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It’s reasonably clear now that between 2002 and the beginning of 2007, congressional oversight of the intelligence community simply went out of business. While there have been signs of life since 2007, they’ve been minimal. Scott Shane writes about recently surfaced evidence that Senator Pat Roberts (R-Kan.) winked at the destruction of waterboarding tapes and stonewalled serious examination of the use of torture techniques by the CIA:
At a closed briefing in 2003, the chairman of the Senate Intelligence Committee raised no objection to a C.I.A. plan to destroy videotapes of brutal interrogations, according to secret documents released Monday. The senator, Pat Roberts, Republican of Kansas, also rejected a proposal to have his committee conduct its own assessment of the agency’s harsh interrogation methods, which included wall-slamming and waterboarding, the documents say.
But Mr. Roberts, through a spokesman, denied having approved the destruction of the videotapes, which is under criminal investigation, and defended his record in overseeing the interrogation program. His assertions were backed by his former staff director on the Intelligence Committee, William D. Duhnke, who said that while the senator had not objected to the tapes’ destruction, he was “in receive mode” and was simply listening to get the facts about the interrogation program, which he was learning about for the first time.
According to a memorandum prepared after the Feb. 4, 2003, briefing by the C.I.A.’s director of Congressional affairs, Stanley M. Moskowitz, Scott Muller, then the agency’s general counsel, explained that the interrogations were reported in detailed agency cables and that officials intended to destroy the videotapes as soon as the agency’s inspector general completed a review of them. “Senator Roberts listened carefully and gave his assent,” the C.I.A. memo says.
The legal maxim is, of course, that “silence implies consent.” It was incumbent on Senator Roberts to raise an objection, either at the hearing or afterwards. He did not do so. Roberts and his committee abdicated their responsibility of oversight.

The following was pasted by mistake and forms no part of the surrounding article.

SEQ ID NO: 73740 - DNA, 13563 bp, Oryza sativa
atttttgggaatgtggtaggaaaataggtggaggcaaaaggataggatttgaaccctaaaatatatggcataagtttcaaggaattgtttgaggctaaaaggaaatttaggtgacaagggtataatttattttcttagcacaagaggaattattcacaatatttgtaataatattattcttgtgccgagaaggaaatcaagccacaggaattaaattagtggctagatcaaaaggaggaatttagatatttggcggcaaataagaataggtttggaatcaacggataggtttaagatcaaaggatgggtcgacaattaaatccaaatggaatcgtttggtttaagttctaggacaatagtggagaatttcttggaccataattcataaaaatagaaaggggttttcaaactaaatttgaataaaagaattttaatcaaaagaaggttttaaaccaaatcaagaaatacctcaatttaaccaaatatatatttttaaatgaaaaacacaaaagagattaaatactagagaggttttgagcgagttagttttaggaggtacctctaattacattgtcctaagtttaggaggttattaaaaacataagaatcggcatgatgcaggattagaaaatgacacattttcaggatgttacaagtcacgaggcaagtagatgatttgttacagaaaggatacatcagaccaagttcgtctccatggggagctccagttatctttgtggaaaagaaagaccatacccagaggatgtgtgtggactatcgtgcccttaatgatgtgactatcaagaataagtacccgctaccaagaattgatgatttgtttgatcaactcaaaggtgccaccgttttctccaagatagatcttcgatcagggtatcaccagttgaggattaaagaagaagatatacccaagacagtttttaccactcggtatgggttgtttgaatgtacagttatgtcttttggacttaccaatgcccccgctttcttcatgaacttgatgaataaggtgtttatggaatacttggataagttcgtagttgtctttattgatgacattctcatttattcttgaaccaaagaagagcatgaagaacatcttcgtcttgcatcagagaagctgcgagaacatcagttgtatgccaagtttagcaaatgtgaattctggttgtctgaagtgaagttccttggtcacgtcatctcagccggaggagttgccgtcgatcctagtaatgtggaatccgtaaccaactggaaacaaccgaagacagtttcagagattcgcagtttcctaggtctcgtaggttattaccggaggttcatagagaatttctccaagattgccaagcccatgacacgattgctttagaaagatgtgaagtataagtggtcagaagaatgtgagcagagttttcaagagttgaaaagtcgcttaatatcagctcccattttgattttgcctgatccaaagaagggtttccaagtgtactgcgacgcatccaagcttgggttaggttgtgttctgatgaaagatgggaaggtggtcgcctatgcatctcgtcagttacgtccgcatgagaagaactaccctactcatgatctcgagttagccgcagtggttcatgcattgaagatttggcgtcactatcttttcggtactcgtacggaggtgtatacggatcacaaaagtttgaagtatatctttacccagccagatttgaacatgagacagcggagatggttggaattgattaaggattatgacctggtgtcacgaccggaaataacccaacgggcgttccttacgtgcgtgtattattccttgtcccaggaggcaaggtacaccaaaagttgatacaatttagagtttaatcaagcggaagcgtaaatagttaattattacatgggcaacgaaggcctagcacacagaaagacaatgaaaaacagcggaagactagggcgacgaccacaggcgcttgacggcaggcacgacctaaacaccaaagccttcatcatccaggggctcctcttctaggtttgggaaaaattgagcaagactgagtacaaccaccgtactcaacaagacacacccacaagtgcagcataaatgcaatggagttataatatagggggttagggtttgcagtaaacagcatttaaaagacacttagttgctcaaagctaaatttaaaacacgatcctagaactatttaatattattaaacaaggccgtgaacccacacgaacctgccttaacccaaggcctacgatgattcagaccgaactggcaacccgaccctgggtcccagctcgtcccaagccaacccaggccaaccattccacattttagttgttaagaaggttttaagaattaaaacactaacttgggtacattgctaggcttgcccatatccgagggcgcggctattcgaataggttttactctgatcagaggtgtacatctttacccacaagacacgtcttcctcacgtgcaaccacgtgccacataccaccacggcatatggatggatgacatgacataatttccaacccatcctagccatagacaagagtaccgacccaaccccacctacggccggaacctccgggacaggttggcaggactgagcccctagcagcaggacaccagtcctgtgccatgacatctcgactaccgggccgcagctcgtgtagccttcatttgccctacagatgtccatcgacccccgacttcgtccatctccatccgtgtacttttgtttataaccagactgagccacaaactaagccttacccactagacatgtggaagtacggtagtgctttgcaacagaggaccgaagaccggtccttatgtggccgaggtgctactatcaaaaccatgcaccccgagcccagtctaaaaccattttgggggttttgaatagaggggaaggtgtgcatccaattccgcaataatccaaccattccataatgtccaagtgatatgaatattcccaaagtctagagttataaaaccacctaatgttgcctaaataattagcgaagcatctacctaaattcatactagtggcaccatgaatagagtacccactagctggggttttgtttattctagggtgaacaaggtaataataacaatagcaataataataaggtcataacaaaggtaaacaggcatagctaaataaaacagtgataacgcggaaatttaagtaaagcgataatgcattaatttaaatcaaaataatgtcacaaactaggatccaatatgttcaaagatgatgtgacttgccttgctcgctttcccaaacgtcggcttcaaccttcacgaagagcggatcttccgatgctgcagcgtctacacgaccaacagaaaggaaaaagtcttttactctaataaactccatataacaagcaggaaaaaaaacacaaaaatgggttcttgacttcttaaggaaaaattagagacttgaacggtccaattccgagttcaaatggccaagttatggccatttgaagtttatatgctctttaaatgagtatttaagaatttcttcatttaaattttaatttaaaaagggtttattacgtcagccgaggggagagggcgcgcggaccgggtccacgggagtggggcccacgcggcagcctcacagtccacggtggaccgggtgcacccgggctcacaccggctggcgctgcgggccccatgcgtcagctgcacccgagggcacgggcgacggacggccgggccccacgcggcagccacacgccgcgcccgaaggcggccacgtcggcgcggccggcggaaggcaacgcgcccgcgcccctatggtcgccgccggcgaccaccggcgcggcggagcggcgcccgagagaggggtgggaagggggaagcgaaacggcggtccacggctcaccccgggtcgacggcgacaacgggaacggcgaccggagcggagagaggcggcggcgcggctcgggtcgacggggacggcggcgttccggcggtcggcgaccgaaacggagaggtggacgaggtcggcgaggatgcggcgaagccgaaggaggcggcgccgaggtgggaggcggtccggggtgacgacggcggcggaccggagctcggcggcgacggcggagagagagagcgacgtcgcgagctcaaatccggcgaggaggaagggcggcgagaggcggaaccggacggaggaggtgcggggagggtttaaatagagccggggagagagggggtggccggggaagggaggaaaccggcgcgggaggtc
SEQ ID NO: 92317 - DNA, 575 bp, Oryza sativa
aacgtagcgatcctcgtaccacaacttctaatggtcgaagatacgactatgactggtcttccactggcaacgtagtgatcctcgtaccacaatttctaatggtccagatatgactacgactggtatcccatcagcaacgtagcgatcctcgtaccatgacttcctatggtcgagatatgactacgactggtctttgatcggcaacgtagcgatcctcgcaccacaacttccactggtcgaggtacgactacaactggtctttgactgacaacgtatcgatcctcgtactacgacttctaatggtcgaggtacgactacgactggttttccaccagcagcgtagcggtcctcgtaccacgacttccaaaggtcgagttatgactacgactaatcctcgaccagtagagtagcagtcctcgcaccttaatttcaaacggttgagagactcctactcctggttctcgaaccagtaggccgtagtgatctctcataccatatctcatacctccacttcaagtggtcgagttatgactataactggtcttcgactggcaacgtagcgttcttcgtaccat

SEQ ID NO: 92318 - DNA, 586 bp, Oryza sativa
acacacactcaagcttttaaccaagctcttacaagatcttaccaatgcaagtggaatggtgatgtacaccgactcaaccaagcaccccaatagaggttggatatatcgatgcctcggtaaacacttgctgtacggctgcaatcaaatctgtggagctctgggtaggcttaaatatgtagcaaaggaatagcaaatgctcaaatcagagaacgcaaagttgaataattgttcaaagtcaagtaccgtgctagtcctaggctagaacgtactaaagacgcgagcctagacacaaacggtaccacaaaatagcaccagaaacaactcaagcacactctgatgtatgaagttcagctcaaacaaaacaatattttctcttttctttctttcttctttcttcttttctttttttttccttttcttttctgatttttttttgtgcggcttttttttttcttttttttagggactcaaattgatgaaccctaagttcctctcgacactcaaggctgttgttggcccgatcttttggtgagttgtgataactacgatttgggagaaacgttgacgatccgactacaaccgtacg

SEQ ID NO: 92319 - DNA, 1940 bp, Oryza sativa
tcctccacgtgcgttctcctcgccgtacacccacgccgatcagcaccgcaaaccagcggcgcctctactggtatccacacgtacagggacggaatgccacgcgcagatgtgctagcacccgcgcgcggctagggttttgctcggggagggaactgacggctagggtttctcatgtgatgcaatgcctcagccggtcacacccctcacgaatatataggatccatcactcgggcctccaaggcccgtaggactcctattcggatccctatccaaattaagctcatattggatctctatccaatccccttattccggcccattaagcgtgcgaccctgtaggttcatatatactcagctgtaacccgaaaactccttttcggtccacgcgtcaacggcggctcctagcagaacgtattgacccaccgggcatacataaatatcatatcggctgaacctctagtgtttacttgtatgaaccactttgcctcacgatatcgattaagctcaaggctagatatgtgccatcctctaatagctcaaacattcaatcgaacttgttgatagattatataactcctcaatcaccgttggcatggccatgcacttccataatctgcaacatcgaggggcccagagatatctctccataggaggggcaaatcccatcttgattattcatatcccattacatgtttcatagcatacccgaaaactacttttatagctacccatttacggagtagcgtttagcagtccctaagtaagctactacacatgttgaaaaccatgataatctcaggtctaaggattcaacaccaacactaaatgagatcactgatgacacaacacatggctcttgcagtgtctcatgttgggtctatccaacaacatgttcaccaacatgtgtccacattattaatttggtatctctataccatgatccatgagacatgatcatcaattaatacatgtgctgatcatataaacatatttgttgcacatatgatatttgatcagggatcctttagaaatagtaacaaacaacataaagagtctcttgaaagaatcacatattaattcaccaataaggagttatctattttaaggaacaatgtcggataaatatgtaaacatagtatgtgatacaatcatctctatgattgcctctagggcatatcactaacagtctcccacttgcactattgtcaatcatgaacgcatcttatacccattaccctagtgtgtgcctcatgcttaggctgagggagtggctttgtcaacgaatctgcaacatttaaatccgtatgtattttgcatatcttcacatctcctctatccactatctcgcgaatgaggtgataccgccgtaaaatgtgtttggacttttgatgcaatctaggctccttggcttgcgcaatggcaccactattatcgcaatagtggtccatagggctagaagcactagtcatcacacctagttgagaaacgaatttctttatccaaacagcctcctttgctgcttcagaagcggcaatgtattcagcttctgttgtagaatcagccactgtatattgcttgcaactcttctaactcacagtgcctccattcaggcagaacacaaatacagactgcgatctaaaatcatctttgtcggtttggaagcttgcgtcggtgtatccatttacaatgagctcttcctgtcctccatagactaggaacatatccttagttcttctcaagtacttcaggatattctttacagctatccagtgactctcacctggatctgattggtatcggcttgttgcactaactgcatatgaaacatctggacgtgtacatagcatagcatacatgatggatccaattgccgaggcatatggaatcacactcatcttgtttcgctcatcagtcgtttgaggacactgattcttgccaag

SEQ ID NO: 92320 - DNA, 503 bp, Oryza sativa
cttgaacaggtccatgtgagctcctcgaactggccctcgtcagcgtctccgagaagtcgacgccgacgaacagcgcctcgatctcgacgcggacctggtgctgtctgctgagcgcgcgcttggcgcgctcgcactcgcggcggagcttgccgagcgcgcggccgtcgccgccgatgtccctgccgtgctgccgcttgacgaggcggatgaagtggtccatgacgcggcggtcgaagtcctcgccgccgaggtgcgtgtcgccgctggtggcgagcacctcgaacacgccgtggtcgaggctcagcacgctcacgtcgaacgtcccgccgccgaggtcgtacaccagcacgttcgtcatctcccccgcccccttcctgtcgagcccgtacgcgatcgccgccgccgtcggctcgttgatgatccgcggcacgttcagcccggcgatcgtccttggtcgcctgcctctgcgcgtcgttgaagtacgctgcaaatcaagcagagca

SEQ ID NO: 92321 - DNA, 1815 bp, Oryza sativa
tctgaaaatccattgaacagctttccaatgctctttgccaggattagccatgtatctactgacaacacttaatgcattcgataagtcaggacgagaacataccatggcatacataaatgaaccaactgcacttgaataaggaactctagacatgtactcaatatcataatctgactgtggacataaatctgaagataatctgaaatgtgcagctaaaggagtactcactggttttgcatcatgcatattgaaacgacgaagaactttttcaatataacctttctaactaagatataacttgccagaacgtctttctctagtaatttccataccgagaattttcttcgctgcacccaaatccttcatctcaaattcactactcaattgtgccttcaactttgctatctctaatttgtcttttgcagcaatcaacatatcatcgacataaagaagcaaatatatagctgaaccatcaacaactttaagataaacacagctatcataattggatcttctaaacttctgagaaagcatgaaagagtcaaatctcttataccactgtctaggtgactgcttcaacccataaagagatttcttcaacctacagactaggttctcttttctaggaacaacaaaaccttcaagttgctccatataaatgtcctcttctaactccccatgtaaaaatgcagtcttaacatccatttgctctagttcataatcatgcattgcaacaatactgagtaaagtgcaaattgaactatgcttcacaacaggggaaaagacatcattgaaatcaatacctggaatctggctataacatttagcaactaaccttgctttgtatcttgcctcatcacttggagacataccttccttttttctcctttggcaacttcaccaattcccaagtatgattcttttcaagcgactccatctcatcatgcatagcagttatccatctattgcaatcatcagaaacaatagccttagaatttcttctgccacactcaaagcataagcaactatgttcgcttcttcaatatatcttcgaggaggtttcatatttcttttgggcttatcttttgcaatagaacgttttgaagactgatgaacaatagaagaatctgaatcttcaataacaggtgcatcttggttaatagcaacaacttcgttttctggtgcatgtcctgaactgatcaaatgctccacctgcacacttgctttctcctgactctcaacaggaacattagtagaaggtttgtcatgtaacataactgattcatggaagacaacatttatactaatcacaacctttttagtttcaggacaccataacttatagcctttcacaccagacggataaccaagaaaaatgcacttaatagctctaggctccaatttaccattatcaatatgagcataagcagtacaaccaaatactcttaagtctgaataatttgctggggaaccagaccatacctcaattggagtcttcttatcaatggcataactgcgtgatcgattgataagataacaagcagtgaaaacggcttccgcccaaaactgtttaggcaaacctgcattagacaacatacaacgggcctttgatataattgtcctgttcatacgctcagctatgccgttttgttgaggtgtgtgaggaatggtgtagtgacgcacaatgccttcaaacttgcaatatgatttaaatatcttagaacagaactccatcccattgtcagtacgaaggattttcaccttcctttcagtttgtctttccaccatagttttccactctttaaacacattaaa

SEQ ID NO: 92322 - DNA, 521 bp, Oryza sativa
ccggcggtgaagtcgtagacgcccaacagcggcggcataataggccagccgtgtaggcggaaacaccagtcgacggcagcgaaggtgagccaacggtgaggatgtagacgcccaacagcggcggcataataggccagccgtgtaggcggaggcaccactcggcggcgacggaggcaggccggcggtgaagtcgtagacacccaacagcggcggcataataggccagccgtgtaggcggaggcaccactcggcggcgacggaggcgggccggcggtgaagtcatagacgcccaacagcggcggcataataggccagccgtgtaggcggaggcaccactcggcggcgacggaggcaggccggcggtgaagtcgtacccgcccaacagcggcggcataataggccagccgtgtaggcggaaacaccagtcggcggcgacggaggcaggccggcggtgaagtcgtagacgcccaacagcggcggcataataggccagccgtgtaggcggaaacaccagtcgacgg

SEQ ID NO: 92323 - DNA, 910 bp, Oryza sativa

More from Scott Horton:
Six Questions — October 18, 2014, 8:00 pm
Nathaniel Raymond on CIA interrogation techniques.
I recently spent a semester teaching writing at an elite liberal-arts college. At strategic points around the campus, in shades of yellow and green, banners displayed the following pair of texts. The first was attributed to the college’s founder, which dates it to the 1920s. The second was extracted from the latest version of the institution’s mission statement:
The paramount obligation of a college is to develop in its students the ability to think clearly and independently, and the ability to live confidently, courageously, and hopefully.
Let us take a moment to compare these texts. The first thing to observe about the older one is that it is a sentence. It expresses an idea by placing concepts in relation to one another within the kind of structure that we call a syntax. It is, moreover, highly wrought: a parallel structure underscored by repetition, five adverbs balanced two against three.
Percentage of Britons who cannot name the city that provides the setting for the musical Chicago:
An Australian entrepreneur was selling oysters raised in tanks laced with Viagra.
A naked man believed to be under the influence of LSD rammed his pickup truck into two police cars.
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“Shelby is waiting for something. He himself does not know what it is. When it comes he will either go back into the world from which he came, or sink out of sight in the morass of alcoholism or despair that has engulfed other vagrants.”